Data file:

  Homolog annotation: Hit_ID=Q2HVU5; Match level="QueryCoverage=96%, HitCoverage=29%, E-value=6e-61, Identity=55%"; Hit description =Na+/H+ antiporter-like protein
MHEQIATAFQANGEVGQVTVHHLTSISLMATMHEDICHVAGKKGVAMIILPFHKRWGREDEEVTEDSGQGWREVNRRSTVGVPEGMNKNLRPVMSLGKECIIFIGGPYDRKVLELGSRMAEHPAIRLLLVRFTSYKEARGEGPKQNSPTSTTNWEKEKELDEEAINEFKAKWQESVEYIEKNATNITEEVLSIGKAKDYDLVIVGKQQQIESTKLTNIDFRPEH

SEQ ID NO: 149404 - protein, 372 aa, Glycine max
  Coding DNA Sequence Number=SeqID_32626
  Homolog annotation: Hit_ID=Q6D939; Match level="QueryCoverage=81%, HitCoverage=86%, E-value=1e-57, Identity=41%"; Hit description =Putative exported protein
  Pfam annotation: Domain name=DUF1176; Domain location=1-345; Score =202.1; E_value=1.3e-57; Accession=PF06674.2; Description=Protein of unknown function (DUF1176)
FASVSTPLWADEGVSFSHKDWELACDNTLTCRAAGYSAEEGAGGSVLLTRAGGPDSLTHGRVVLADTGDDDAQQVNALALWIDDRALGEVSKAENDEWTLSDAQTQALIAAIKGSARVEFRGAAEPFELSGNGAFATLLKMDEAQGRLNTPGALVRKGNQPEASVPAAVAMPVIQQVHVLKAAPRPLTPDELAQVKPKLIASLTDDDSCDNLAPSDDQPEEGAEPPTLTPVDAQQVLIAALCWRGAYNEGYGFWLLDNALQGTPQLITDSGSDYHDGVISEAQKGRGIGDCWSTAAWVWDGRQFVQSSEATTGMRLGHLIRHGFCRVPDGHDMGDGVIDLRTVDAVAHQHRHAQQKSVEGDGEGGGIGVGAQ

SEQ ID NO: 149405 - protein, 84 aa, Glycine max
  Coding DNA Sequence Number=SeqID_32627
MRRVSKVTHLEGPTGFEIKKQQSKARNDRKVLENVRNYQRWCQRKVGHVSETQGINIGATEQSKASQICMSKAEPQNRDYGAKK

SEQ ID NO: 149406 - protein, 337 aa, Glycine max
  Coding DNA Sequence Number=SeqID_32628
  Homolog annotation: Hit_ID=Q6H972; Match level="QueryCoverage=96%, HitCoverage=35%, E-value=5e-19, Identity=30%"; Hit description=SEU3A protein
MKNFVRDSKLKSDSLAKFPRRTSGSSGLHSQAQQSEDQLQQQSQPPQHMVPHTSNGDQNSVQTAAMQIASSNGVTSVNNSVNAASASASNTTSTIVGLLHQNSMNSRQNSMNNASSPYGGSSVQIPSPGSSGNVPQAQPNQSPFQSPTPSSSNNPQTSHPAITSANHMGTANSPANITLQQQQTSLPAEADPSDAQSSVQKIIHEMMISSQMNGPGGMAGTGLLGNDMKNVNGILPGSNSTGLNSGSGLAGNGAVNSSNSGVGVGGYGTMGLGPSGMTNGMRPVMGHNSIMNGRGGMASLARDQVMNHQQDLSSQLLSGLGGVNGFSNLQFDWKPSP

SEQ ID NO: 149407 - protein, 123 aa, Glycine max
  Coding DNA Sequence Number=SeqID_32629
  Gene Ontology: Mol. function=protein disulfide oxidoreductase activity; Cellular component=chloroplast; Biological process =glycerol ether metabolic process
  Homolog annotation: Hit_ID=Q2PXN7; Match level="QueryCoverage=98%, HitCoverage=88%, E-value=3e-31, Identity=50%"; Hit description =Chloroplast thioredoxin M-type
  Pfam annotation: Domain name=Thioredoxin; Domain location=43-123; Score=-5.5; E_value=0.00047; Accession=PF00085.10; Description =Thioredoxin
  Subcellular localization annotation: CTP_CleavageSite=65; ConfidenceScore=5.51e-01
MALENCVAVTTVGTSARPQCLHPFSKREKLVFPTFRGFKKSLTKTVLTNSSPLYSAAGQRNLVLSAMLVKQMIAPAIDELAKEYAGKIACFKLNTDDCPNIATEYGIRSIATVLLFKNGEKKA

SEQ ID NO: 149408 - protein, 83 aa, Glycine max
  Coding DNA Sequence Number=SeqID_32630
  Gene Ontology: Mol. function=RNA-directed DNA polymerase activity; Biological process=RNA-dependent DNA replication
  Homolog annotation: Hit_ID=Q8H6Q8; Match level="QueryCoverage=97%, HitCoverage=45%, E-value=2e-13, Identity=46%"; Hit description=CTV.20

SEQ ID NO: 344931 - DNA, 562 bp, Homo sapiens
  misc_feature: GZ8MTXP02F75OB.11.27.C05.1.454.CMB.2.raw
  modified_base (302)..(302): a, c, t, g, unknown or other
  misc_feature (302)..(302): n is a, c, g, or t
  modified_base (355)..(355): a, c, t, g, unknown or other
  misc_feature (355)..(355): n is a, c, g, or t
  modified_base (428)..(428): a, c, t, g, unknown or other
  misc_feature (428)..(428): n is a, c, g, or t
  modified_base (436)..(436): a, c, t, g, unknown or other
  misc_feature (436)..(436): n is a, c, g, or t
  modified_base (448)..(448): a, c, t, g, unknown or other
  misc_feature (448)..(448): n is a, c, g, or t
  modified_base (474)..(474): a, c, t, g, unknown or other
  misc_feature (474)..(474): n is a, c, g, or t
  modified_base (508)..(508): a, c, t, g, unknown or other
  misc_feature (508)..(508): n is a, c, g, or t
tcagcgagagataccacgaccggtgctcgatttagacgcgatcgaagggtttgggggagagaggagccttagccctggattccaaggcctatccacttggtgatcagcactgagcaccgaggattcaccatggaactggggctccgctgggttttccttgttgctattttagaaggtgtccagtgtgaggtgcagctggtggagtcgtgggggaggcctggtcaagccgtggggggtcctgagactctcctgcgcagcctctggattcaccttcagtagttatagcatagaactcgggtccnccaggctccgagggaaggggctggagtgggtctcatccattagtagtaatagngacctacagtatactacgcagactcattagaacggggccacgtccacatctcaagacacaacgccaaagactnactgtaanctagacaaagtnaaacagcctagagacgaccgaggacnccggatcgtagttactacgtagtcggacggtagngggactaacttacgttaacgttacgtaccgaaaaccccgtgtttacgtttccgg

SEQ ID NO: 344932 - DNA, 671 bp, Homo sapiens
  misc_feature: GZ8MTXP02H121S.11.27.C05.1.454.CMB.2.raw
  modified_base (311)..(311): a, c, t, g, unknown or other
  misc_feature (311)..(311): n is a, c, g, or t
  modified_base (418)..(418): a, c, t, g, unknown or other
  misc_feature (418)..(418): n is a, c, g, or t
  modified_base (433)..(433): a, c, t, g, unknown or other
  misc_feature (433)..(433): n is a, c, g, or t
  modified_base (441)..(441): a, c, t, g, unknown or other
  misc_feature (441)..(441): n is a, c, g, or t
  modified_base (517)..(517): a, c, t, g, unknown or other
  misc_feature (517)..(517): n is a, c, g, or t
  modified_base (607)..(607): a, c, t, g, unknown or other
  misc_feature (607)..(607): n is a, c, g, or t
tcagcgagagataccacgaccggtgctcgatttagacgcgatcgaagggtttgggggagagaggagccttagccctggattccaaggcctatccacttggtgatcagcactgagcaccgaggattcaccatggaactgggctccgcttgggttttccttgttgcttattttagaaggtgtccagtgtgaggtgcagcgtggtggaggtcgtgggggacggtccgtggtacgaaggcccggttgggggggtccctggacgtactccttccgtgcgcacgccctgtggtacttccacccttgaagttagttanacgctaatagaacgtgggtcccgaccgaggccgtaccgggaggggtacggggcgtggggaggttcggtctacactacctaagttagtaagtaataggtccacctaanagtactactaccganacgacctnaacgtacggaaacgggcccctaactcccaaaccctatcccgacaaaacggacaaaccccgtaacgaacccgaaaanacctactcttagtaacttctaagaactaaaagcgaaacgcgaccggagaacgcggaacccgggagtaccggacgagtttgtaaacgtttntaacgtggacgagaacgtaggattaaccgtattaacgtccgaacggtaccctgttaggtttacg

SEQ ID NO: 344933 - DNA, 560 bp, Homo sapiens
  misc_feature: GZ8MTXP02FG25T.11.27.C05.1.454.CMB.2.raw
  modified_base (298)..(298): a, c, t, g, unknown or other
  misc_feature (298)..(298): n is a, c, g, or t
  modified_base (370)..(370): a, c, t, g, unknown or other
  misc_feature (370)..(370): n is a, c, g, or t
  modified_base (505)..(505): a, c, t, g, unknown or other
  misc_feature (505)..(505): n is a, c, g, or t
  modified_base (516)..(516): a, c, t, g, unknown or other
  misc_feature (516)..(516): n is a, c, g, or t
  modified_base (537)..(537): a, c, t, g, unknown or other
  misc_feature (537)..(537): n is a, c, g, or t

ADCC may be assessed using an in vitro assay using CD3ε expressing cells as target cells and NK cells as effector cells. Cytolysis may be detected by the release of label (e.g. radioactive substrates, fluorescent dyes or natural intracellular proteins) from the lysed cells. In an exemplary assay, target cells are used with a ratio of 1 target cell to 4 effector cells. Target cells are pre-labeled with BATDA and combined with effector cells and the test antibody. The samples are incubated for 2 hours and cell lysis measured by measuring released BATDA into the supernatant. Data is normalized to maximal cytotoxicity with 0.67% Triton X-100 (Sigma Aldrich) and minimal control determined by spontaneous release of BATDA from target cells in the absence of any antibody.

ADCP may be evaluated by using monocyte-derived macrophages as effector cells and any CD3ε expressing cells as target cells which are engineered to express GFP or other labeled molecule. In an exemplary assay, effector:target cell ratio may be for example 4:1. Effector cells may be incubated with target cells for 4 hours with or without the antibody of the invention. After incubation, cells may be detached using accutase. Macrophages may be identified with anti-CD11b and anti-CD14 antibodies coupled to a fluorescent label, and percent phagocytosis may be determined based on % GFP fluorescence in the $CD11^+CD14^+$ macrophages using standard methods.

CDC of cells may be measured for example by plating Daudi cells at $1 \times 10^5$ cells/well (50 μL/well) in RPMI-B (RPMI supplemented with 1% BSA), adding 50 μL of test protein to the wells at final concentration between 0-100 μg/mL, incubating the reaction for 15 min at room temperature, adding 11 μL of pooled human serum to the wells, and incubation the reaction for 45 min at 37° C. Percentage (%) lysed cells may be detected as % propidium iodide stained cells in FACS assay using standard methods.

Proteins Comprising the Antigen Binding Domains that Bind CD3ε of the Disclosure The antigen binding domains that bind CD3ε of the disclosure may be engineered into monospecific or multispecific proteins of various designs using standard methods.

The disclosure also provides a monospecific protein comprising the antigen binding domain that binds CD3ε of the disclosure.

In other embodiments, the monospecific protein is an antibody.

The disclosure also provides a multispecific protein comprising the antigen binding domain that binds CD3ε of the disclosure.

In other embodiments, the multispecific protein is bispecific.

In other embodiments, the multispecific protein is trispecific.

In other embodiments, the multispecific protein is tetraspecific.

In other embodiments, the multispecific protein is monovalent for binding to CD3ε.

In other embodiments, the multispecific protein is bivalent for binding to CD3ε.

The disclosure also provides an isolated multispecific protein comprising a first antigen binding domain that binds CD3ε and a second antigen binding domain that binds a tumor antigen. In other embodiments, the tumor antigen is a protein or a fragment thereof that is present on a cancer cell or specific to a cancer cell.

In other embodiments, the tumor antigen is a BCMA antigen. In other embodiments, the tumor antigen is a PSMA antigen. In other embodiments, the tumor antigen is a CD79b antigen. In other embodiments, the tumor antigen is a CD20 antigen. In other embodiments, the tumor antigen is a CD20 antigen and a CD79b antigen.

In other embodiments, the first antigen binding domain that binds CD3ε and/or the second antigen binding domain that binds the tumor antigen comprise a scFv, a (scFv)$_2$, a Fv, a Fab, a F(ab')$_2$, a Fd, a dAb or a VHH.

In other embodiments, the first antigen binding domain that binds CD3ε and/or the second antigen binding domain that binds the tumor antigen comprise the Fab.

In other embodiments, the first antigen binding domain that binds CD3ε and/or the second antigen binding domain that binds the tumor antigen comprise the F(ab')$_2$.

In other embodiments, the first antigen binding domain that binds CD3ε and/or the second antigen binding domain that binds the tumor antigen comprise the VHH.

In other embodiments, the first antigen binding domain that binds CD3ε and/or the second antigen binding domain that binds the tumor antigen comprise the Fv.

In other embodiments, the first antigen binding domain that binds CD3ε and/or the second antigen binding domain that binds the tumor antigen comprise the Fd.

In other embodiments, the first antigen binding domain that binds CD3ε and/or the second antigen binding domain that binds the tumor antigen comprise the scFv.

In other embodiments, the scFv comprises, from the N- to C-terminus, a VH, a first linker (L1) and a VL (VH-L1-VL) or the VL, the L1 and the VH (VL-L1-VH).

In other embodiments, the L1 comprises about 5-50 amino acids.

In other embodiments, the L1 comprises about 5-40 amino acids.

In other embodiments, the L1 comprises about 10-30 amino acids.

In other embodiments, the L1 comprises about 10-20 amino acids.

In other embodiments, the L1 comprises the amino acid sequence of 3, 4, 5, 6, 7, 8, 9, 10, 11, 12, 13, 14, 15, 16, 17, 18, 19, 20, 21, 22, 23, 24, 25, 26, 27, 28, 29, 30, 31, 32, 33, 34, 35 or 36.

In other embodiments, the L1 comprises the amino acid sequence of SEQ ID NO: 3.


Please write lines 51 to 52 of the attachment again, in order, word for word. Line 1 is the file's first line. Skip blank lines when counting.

  modified_base (441)..(441): a, c, t, g, unknown or other
  misc_feature (441)..(441): n is a, c, g, or t